Titanic Memorial remembers sinking 100 years ago

The unthinkable and unsinkable happened a century ago on Sunday.

No, it wasn’t the first income tax day.

The Titanic, the largest ship ever made to date, sank on its maiden voyage when hitting an iceberg. More than 1,500 people died when there wasn’t enough lifeboats.

The memorial next to Fort McNair overlooking the Washington Channel near 4th and P Sts. SW is granite and sculpted by Gertrude Vanderbilt Whitney. The architect was Henry Bacon, who you might know from building the Lincoln Memorial. The 18-foot male is shown with outstretched arms to symbolize selflessness of the men who gave up their spots in the lifeboats to women and children. The 20-ton base is granite from Massachusetts.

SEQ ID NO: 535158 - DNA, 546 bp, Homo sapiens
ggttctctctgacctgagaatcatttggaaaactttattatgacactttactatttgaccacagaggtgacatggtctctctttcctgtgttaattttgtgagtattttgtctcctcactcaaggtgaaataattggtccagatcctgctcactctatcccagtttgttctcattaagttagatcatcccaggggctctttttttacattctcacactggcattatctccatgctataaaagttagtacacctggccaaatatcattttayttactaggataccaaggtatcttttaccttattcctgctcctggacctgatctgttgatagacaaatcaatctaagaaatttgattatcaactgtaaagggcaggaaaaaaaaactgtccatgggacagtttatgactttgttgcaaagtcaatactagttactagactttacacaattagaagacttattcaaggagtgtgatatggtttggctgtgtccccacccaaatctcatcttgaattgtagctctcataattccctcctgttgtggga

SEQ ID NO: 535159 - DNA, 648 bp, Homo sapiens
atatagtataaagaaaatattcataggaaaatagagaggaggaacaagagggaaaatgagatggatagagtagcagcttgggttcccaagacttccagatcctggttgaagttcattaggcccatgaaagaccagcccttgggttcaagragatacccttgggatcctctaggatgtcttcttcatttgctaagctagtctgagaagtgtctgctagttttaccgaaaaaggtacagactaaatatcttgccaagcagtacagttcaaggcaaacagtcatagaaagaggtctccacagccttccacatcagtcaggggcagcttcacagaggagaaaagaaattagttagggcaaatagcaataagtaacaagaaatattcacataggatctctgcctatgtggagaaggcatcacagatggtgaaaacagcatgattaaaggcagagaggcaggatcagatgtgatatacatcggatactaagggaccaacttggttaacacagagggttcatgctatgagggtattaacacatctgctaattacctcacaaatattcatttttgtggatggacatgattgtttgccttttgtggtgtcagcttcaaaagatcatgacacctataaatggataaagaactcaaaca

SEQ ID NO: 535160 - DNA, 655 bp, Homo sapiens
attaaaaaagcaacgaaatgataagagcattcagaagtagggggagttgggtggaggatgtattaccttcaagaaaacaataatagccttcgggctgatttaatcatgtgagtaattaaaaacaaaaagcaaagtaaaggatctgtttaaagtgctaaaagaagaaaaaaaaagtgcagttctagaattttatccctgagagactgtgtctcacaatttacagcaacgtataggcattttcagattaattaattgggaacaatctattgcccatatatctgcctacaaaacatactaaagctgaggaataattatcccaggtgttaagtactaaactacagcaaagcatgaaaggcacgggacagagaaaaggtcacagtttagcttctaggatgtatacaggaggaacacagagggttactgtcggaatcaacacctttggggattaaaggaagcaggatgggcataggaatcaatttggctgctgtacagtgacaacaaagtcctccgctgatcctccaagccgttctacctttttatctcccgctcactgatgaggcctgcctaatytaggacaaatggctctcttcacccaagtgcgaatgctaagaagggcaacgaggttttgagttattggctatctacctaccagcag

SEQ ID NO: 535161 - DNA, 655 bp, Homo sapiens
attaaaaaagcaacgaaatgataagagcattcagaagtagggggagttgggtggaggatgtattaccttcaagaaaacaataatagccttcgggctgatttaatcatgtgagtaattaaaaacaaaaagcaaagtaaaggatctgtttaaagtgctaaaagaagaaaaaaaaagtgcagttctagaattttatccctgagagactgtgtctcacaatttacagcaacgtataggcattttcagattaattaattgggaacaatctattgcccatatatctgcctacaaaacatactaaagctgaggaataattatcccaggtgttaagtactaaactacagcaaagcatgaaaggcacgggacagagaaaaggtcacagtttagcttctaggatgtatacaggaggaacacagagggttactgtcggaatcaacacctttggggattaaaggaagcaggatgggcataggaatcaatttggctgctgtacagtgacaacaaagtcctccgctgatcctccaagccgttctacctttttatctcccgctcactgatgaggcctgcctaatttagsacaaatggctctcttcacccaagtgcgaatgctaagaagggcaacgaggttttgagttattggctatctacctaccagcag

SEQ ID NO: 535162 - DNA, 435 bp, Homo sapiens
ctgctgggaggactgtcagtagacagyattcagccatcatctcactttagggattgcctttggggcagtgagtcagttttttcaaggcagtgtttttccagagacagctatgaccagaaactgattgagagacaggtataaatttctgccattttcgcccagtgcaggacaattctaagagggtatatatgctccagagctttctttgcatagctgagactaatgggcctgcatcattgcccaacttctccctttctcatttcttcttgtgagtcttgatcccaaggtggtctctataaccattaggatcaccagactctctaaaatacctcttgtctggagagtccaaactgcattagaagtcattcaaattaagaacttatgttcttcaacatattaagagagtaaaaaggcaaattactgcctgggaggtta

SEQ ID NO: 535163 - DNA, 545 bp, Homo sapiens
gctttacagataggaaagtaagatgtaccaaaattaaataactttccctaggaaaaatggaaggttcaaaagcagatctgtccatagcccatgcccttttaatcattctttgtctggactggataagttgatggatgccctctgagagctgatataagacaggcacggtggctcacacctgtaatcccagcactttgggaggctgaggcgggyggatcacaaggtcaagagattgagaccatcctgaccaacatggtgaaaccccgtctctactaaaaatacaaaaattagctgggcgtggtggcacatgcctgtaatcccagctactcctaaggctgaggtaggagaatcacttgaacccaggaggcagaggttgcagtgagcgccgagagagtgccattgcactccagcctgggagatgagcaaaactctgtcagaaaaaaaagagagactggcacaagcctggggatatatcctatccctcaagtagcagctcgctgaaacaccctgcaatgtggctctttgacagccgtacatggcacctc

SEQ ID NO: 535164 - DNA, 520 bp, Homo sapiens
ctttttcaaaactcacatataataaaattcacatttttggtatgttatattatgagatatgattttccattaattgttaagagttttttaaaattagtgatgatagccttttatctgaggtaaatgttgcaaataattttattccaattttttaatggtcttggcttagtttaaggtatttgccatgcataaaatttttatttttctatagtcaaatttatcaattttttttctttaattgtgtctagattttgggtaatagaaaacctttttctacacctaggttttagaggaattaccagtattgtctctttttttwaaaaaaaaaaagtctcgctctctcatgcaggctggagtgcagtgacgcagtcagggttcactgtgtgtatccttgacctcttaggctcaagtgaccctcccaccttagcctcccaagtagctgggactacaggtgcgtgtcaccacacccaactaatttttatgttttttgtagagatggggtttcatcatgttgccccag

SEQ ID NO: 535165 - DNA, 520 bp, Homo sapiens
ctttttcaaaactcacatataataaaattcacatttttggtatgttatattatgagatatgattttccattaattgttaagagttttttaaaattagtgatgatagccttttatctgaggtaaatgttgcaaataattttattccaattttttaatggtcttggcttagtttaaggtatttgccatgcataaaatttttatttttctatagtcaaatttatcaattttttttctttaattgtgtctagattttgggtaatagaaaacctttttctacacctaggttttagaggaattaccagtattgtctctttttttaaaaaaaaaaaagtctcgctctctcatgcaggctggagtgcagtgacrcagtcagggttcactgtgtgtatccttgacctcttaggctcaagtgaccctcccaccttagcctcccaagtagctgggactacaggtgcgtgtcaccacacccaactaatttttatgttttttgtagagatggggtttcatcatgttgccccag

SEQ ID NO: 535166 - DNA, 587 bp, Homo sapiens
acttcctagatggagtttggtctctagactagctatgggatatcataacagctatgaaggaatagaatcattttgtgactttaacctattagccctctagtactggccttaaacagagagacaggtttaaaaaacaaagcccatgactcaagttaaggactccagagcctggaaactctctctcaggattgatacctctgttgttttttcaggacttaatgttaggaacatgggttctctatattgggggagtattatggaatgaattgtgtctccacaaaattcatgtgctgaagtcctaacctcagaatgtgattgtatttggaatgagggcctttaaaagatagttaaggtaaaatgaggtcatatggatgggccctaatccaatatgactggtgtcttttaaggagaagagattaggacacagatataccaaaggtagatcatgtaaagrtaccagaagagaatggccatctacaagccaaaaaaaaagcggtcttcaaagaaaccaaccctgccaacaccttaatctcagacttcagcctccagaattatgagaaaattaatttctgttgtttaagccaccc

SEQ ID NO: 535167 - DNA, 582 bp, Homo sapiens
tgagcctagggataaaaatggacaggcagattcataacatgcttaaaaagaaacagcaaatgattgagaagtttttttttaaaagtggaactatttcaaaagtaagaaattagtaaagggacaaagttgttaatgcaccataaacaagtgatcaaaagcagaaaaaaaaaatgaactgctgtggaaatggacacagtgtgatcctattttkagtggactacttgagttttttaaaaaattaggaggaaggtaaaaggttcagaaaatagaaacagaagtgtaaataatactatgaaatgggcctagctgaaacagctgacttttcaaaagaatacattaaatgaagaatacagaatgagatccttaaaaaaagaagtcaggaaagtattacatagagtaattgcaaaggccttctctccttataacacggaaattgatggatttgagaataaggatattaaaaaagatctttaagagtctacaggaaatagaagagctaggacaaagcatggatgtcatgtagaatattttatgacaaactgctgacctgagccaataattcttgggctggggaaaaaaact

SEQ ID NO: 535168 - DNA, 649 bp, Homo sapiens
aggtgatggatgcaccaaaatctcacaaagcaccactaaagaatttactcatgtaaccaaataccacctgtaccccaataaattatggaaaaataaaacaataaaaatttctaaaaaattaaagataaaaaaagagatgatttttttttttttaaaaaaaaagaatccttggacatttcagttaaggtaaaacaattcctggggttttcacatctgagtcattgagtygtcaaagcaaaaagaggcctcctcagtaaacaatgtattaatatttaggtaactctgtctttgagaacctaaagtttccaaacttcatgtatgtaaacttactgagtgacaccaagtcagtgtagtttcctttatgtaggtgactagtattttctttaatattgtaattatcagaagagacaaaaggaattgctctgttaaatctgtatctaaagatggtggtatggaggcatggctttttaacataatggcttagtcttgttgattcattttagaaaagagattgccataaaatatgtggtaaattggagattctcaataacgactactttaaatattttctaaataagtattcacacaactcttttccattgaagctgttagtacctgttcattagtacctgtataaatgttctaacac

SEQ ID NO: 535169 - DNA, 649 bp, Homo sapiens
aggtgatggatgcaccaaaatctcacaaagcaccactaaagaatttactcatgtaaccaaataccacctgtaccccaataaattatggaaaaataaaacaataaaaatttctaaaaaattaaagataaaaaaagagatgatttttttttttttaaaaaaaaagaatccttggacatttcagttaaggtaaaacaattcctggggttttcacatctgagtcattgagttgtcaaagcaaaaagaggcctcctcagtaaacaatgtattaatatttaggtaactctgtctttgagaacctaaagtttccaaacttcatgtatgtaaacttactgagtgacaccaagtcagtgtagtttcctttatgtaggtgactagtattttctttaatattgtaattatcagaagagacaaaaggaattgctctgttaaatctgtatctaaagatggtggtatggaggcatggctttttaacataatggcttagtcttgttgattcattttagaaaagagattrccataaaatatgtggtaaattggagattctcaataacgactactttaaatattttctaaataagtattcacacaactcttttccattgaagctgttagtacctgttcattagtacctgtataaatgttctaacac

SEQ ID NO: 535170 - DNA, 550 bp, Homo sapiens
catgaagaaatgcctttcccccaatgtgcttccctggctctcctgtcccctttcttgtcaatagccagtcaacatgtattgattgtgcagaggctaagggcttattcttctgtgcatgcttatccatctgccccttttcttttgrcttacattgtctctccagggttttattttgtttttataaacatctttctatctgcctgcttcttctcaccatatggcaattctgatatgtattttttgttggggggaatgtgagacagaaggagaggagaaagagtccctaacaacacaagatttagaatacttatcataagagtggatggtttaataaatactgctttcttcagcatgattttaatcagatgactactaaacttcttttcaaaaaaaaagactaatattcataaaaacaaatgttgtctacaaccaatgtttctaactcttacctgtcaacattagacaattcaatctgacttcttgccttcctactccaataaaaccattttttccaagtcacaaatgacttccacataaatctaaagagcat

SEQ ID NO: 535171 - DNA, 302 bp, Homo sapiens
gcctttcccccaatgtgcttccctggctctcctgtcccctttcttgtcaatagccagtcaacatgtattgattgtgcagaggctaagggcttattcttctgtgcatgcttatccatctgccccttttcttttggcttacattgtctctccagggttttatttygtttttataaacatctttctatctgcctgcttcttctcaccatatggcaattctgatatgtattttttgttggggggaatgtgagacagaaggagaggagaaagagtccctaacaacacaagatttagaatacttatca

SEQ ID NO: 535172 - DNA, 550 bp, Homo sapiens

The Women’s Titanic Memorial Association commissioned the memorial in 1931 when it was unveiled by former First Lady Helen Taft, who was the first of 25,000 donors for the memorial that included the Carnegies, Rockerfellers and Hearts. It was moved in 1966 to make way for the John F. Kennedy Center and, after two years in storage, was moved aside Ft. McNair.

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